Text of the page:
ACP, other medical groups urge Congress to prevent Zika public health emergency
(Washington, May 26, 2016)–The American College of Physicians (ACP) along with the American Academy of Family Physicians (AAFP), the American Academy of Pediatrics (AAP) and the American Congress of Obstetricians and Gynecologists (ACOG) sent a letter today to House and Senate leaders urging them to immediately pass legislation that would provide the highest possible funding level for research, prevention, control, and treatment of illnesses associated with the Zika virus that is commensurate with the public health emergency that the virus represents.
The Zika virus has the potential to rapidly become a public-health emergency that poses a grave risk to patients, especially to pregnant women and their fetuses who may be at risk of severe birth defects, and more broadly, to women of child-bearing age who may become pregnant. Time is of the essence in stemming the spread of this virus. Illness brought on by the Zika virus is rising rapidly by the exposure of travelers returning to the mainland U.S. and soon the country will be entering the summer months when mosquitos that carry and transmit the virus will be proliferating.
Congress is working on legislation to address the Zika issue; however, those efforts have not yet yielded an agreement that would deliver the funding and resources necessary to fully and robustly respond to the Zika virus.
"It is imperative that the House and Senate reach an agreement without further delay; every day that goes by without an agreement is a day where more patients will be at risk of being exposed to the virus," the letter warned.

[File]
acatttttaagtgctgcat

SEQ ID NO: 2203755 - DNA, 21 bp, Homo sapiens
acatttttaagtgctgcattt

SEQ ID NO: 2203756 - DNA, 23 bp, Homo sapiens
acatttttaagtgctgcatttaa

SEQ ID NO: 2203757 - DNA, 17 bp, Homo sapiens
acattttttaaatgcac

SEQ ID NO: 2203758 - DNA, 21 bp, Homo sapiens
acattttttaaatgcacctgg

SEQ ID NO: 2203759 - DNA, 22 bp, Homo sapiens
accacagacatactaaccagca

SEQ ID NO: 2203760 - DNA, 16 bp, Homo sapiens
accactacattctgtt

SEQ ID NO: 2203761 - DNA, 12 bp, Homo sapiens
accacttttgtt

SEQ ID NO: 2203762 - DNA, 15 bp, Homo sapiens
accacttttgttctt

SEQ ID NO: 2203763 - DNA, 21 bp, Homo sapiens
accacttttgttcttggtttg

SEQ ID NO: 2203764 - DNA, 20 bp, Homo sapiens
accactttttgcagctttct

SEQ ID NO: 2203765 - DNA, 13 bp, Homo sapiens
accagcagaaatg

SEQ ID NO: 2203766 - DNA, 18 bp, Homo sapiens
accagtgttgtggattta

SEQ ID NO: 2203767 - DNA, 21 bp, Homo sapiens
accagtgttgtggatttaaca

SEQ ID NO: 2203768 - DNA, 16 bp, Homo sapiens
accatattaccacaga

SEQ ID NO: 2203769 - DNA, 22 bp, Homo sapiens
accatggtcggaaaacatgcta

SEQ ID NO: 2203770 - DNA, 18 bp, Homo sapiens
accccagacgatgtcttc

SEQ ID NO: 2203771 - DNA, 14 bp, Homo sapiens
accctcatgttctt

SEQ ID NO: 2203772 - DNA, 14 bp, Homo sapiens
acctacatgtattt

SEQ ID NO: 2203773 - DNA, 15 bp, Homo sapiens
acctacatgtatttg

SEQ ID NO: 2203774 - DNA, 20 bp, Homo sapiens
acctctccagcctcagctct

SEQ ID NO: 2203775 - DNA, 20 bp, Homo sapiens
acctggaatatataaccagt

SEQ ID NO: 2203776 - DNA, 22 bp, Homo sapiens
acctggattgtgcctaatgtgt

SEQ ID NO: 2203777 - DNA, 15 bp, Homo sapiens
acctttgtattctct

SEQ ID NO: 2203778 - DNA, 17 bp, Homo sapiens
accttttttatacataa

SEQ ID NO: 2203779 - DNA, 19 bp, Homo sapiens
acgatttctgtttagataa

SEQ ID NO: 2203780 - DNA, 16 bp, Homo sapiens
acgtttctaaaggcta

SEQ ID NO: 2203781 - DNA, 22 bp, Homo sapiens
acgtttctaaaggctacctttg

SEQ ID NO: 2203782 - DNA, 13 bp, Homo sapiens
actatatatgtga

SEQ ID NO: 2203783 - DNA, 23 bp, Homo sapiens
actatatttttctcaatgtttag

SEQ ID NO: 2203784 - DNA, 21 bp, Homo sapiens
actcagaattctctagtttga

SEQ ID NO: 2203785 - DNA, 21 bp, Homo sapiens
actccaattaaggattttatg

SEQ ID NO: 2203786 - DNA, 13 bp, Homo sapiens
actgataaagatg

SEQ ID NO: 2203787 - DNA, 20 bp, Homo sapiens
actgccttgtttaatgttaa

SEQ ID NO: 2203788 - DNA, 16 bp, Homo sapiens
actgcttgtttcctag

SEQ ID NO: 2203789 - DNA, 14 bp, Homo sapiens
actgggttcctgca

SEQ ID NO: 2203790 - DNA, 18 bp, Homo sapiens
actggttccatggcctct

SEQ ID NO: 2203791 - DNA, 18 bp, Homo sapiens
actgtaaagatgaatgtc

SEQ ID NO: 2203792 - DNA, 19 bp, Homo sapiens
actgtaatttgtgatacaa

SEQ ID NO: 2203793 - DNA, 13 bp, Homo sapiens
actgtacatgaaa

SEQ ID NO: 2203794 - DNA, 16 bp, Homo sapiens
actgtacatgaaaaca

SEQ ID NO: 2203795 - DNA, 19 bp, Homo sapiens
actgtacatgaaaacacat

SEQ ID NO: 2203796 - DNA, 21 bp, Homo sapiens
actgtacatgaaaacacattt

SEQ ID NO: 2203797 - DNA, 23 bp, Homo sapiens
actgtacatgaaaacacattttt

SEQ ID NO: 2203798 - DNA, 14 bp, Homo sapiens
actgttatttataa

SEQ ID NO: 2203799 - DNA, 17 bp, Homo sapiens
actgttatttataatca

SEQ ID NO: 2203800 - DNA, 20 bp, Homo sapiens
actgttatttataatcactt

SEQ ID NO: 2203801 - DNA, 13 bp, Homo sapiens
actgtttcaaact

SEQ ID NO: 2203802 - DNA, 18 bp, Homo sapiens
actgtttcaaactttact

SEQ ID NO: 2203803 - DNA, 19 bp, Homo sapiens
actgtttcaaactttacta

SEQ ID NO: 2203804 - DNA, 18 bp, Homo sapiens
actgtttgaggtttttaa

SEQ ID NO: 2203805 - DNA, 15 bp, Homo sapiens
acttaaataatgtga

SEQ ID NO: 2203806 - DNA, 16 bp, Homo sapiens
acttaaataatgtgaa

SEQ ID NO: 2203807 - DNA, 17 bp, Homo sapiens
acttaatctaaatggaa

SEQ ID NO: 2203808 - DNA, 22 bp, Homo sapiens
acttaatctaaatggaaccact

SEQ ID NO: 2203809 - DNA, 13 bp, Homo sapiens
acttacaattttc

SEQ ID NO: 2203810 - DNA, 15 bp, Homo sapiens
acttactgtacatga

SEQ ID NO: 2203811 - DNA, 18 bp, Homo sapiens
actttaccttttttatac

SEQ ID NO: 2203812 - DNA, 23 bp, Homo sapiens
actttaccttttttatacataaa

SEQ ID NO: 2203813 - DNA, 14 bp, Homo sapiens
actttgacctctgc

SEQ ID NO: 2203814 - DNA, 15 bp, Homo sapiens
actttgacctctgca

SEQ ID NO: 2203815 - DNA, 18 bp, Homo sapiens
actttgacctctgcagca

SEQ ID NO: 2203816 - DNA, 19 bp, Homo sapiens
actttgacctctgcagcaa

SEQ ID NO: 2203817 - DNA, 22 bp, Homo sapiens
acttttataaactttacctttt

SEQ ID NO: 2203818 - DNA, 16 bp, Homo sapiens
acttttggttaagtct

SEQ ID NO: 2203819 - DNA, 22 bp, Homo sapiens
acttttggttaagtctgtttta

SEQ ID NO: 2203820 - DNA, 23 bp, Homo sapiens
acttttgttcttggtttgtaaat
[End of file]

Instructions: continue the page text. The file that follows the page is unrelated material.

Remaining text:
The letter also stated that while developing a Zika response is critical, that Congress should exercise caution so that funding for other essential health initiatives is not placed at risk in order to fund the response. The letter noted concerns that funds that were to be used by CMS to develop the technology infrastructure to implement the Medicare Access and CHIP Reauthorization Act could be diverted in a way that might undermine the ability of the agency to effectively administer the program as Congress intended.
"In my own primary care internal medicine practice, I am already hearing from many worried patients who have questions and concerns about the ZIka virus" said Nitin S. Damle, MD, MS, FACP, president of ACP. "While I do my best to explain to them what we know today about the potential risks, there is much we don't know yet about how to prevent, control, and treat illnesses that may result from exposure to Zika. Every day that goes by with Congress not providing the needed funding is a day that brings us closer to Zika becoming a full-blown public health emergency."